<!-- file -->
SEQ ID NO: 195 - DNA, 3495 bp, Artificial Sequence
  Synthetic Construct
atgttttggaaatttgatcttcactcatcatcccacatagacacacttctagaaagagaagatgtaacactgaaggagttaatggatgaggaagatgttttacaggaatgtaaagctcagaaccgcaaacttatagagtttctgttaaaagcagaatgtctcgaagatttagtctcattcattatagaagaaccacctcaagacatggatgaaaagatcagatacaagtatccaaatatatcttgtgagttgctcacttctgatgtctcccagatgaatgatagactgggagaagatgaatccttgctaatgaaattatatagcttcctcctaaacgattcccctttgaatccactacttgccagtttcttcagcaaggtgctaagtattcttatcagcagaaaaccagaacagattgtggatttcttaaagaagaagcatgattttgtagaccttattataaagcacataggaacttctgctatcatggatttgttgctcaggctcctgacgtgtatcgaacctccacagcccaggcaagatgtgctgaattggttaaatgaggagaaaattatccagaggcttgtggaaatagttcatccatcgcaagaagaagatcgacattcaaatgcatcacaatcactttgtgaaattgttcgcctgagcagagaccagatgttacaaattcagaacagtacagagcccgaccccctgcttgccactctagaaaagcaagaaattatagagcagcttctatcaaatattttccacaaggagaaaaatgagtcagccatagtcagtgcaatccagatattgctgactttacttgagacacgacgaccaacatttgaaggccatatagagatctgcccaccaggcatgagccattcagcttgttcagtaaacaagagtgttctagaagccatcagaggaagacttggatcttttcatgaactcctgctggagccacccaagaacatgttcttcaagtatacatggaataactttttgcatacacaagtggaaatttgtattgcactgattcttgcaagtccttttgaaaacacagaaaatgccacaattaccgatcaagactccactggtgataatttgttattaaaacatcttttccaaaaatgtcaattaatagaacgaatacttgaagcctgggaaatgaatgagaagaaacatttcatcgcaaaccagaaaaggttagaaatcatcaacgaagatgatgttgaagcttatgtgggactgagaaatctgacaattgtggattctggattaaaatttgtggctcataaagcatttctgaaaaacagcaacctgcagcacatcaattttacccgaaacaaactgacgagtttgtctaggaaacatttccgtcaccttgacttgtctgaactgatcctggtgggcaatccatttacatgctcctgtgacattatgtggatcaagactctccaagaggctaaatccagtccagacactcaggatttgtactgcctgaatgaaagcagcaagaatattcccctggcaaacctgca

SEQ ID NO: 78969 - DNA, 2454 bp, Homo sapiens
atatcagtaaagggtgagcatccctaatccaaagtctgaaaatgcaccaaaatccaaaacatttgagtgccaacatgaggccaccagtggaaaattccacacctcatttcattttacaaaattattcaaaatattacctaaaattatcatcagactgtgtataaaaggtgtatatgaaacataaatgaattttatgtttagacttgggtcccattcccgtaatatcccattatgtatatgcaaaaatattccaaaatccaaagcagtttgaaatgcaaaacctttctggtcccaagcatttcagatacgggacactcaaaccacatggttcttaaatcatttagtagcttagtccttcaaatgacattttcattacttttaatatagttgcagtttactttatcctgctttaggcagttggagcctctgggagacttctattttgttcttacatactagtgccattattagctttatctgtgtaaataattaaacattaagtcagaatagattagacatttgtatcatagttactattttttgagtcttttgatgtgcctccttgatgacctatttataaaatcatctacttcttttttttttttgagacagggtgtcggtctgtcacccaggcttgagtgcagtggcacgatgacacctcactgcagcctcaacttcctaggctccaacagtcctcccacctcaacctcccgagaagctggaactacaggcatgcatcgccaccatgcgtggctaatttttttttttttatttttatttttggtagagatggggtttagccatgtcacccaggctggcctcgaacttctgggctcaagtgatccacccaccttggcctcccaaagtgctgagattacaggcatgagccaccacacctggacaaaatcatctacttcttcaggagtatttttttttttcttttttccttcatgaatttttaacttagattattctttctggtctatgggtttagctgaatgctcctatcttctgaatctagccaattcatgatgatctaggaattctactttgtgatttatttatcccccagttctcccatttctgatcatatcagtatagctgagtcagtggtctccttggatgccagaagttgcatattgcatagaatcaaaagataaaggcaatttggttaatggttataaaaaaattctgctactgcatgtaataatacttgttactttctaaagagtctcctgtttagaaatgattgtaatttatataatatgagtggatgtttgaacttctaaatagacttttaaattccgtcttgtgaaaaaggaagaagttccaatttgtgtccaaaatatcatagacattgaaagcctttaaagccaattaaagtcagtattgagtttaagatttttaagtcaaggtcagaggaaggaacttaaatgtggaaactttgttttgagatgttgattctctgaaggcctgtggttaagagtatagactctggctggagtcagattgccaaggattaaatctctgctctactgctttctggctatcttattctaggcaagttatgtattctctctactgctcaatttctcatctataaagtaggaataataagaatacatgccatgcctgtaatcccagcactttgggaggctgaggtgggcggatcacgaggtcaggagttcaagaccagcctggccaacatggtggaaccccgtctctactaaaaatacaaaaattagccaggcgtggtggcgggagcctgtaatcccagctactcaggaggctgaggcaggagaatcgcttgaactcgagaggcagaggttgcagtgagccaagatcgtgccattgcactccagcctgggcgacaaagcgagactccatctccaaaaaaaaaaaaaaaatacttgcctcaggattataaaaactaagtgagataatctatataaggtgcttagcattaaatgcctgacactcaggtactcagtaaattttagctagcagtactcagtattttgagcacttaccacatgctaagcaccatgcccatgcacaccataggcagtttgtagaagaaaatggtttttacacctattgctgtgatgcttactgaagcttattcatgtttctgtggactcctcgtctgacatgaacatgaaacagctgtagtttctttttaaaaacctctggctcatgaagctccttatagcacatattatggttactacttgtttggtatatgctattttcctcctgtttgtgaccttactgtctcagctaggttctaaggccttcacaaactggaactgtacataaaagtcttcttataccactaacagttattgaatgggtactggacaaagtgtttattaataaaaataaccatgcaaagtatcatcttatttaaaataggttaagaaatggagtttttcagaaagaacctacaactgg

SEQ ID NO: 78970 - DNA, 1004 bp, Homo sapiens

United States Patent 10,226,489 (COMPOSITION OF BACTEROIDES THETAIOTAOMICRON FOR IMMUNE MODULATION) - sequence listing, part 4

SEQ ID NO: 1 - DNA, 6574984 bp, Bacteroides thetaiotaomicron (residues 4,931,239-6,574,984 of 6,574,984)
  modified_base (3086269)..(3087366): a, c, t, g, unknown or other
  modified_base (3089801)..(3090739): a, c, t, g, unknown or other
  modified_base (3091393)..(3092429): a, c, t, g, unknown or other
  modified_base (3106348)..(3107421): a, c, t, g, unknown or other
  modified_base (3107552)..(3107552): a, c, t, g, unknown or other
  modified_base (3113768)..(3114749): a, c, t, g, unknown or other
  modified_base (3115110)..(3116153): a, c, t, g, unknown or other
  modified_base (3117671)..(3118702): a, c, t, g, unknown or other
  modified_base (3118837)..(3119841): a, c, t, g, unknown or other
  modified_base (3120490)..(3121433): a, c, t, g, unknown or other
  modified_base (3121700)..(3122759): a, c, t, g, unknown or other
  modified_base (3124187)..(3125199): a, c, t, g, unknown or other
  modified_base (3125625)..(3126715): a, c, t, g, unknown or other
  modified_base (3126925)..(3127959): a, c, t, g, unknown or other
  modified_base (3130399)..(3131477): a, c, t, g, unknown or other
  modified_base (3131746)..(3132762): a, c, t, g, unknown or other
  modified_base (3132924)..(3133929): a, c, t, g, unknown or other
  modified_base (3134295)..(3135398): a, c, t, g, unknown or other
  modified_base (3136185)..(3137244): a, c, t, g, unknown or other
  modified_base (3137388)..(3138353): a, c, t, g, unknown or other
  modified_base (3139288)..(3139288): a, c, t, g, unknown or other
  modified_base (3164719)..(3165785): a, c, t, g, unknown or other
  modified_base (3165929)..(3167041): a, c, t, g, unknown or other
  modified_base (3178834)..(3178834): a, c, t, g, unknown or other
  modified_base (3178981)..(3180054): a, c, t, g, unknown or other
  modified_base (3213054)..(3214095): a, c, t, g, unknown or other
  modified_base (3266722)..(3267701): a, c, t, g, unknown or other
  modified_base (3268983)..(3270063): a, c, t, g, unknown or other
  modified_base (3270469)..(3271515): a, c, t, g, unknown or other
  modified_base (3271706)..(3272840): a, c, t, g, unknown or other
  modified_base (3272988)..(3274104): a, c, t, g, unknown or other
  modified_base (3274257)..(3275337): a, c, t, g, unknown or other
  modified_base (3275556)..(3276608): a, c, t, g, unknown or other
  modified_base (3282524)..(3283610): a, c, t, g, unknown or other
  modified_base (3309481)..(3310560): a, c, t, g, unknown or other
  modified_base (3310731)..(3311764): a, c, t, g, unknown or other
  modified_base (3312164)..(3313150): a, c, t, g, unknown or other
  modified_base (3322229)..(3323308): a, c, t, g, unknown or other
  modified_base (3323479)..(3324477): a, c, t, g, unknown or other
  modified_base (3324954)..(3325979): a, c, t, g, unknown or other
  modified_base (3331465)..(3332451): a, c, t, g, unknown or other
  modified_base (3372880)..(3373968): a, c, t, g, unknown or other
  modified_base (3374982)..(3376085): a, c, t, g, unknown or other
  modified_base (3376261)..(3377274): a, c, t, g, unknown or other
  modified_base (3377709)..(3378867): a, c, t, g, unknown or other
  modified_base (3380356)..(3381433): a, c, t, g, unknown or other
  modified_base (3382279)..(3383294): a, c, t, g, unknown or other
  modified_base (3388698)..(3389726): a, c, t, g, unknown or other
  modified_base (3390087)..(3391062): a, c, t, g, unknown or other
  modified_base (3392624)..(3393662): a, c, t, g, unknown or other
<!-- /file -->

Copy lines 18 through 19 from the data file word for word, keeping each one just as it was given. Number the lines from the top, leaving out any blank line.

  modified_base (3120490)..(3121433): a, c, t, g, unknown or other
  modified_base (3121700)..(3122759): a, c, t, g, unknown or other